Bebo Reveals New Video Messaging App Named Blab.
The founder behind the social network known as Bebo, has decided to turn the service into a messenger after less than a year of having purchased it for $1 million.
Michael Birch had sold Bebo to AOL for a total $850 million in 2008, but was able to gain it back for a small fraction of that figure after users deserted for more newer platforms like Facebook. By the time he managed to get his hands on it, Bebo had become a “ghost town”, Birch commented.
Although, the British entrepreneur has not attempted to restore the company to its previous glory by changing it into a different services altogether. Sometime on Thursday, Bebo will be launching its messaging application that will allow people to send each other short videos, regardless if they own the application themselves.
The service is known Blab, has already drawn similarities with SnapChat, which will allow people to send self-deleting photos, as well as Whatsapp, which was previously acquired by Facebook for a sum of $19 billion.
During and Interview with the Telegraph, Birch commented on the nature of applications.
“We didn’t really know what we were going to do when we bought Bebo back, but we knew we weren’t just going to relaunch the site and make it prettier. We knew it would be radically different.”
This resulted in an even more frantic departure then previously expected, but Birch went on to say that Blab would hopefully be the first of many apps that will be focused upon specific tasks.“It is such a crowded marketplace but we have an advantage, because it is a Bebo relaunch.”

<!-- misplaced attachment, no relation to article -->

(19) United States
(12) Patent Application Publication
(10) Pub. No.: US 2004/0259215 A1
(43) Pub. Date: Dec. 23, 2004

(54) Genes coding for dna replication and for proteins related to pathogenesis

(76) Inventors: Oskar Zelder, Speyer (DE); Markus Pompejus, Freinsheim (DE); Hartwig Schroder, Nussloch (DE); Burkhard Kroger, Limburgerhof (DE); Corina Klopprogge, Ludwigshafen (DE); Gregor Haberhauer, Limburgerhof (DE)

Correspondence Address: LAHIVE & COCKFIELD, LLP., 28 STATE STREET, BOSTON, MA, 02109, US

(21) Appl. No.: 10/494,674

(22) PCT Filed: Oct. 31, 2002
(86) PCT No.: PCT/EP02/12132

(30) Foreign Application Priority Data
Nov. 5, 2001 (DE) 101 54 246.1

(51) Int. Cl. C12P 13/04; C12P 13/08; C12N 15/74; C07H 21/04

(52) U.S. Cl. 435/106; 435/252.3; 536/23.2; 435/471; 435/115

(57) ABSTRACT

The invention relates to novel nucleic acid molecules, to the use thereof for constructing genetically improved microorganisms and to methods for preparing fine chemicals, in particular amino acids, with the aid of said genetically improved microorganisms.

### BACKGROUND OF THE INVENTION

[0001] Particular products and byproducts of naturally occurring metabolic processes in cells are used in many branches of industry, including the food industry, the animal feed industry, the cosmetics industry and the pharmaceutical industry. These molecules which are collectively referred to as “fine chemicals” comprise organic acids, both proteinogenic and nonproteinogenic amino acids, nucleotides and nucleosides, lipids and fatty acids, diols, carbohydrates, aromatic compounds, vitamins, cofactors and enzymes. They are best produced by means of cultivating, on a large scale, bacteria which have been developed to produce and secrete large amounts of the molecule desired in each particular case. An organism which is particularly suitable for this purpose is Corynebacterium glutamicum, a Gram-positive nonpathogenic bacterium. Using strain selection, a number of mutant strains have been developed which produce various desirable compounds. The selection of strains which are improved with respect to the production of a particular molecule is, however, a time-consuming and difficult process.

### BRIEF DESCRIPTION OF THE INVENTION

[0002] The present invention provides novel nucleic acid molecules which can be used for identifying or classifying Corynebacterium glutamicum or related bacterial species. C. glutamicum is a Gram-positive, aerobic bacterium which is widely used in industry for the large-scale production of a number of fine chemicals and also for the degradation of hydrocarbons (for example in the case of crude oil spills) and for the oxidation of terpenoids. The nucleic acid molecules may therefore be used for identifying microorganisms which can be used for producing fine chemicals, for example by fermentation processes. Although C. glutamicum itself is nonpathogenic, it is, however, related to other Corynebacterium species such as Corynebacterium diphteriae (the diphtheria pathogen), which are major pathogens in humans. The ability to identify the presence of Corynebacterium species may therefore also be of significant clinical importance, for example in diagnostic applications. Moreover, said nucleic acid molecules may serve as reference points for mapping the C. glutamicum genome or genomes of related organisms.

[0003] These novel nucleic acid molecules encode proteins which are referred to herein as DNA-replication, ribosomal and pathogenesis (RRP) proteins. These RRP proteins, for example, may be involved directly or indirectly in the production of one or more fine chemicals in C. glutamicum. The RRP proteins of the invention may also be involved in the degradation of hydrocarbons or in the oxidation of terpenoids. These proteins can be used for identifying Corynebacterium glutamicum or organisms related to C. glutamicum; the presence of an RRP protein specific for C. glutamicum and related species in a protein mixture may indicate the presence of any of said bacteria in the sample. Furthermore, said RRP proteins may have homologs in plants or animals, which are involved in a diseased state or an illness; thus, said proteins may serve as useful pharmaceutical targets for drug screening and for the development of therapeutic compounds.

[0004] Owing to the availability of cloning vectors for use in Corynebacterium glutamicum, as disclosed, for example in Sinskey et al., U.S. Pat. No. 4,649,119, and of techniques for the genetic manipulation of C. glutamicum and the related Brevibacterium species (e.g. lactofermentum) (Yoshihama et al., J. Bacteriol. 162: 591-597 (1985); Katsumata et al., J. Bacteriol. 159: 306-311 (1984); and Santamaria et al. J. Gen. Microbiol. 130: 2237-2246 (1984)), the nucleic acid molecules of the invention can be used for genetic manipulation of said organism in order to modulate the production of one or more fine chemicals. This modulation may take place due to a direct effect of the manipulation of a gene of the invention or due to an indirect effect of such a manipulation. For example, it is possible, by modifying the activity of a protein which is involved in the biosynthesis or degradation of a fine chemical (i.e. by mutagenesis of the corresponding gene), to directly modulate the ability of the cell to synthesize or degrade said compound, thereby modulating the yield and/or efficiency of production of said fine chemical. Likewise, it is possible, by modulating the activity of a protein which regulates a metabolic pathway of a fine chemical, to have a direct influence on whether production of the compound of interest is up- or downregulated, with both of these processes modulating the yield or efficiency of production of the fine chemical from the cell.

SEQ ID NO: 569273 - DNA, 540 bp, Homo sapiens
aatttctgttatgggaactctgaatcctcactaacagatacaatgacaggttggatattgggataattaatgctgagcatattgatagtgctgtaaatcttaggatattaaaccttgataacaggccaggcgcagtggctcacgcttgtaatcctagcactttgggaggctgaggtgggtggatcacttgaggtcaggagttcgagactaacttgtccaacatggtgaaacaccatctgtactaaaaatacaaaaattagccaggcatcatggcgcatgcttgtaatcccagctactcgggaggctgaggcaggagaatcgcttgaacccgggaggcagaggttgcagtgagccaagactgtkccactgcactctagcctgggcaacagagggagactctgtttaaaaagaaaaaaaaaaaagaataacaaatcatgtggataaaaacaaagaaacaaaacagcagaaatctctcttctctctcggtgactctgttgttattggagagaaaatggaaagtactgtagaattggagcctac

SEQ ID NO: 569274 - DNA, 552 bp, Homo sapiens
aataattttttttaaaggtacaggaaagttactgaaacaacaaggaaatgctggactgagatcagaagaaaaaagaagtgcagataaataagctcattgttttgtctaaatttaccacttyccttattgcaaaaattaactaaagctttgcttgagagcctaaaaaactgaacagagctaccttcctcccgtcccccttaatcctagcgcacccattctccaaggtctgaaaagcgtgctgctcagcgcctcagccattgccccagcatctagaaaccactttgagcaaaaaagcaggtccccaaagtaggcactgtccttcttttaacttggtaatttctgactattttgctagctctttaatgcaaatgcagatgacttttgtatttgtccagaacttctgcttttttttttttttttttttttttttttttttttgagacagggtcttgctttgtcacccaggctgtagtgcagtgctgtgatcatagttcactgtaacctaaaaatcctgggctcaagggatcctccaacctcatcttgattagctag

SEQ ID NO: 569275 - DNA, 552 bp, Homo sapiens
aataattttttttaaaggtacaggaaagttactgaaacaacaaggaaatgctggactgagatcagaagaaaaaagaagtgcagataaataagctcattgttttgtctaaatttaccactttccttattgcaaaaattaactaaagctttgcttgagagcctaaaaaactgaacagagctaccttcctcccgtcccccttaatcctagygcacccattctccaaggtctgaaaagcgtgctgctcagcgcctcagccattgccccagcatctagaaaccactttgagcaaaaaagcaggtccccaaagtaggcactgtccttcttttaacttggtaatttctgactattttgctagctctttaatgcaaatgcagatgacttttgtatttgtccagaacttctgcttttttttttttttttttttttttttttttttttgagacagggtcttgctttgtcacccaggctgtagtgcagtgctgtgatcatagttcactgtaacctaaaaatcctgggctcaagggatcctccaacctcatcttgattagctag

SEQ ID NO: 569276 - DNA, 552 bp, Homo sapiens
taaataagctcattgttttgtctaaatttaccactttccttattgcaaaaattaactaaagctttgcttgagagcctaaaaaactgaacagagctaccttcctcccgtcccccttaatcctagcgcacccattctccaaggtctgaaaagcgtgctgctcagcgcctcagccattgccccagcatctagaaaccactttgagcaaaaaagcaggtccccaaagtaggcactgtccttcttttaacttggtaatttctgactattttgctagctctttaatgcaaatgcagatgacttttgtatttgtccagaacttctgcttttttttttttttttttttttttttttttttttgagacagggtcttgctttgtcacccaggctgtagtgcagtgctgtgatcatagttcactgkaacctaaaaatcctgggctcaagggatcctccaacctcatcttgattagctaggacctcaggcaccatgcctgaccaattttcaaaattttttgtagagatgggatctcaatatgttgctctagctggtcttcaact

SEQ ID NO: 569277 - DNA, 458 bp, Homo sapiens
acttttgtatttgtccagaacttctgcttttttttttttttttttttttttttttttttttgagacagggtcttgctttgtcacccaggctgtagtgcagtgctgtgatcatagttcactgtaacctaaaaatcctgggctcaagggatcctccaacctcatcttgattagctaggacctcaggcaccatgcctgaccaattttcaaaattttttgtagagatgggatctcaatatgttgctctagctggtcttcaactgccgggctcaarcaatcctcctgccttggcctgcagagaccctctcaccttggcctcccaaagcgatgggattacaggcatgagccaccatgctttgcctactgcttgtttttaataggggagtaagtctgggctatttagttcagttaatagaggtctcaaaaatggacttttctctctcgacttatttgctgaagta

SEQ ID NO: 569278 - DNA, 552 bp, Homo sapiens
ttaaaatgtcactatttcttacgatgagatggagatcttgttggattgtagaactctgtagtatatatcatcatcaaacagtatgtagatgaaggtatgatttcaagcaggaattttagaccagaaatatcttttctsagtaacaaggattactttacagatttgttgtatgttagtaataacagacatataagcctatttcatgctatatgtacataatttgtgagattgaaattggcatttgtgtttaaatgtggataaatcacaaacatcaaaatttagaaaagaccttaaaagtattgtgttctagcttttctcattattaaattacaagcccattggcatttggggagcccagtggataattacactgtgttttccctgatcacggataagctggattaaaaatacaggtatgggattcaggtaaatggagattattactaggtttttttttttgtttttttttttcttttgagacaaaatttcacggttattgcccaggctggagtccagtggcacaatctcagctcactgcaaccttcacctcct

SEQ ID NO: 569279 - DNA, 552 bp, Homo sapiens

This isn’t the only feature that will make Blab stand out from its competition. One important difference to Whatsapp and SnapChat, is that Blab users will be able to send message to people irregardless of whether they own the application on their mobile devices. The recipients will also be able to send their own video replay without having to use the application, although it may be necessary to create a account with Blab to initiate the video conversation themselves.
“If you offer goodwill, and people enjoy the experience, then they are going to want to initiate new ones,”Birch said.
“Everything has shifted to being much simpler than it used to be – Apple led the way on that – and we wanted to create something as simple as possible. The idea of recording a video and attaching it to something so you can send it just feels so cumbersome.”
The application will be made available fore free and does not contain any annoying advertisements, but Birch did comment that he would have to work a business model of sorts, once the software has gathered a sizable traction.
“We quite literally haven’t had a conversation about that, but there will be a way to monetize it.”
The company has not had any funding rounds or taken investment from outside sources since Birch managed to regain the company, and intends to remain that way for as long as possible.
“We are realistic that the ambitions for most companies is that they end up selling them, but we would prefer to have complete control over what we are doing for as long as possible,” he said.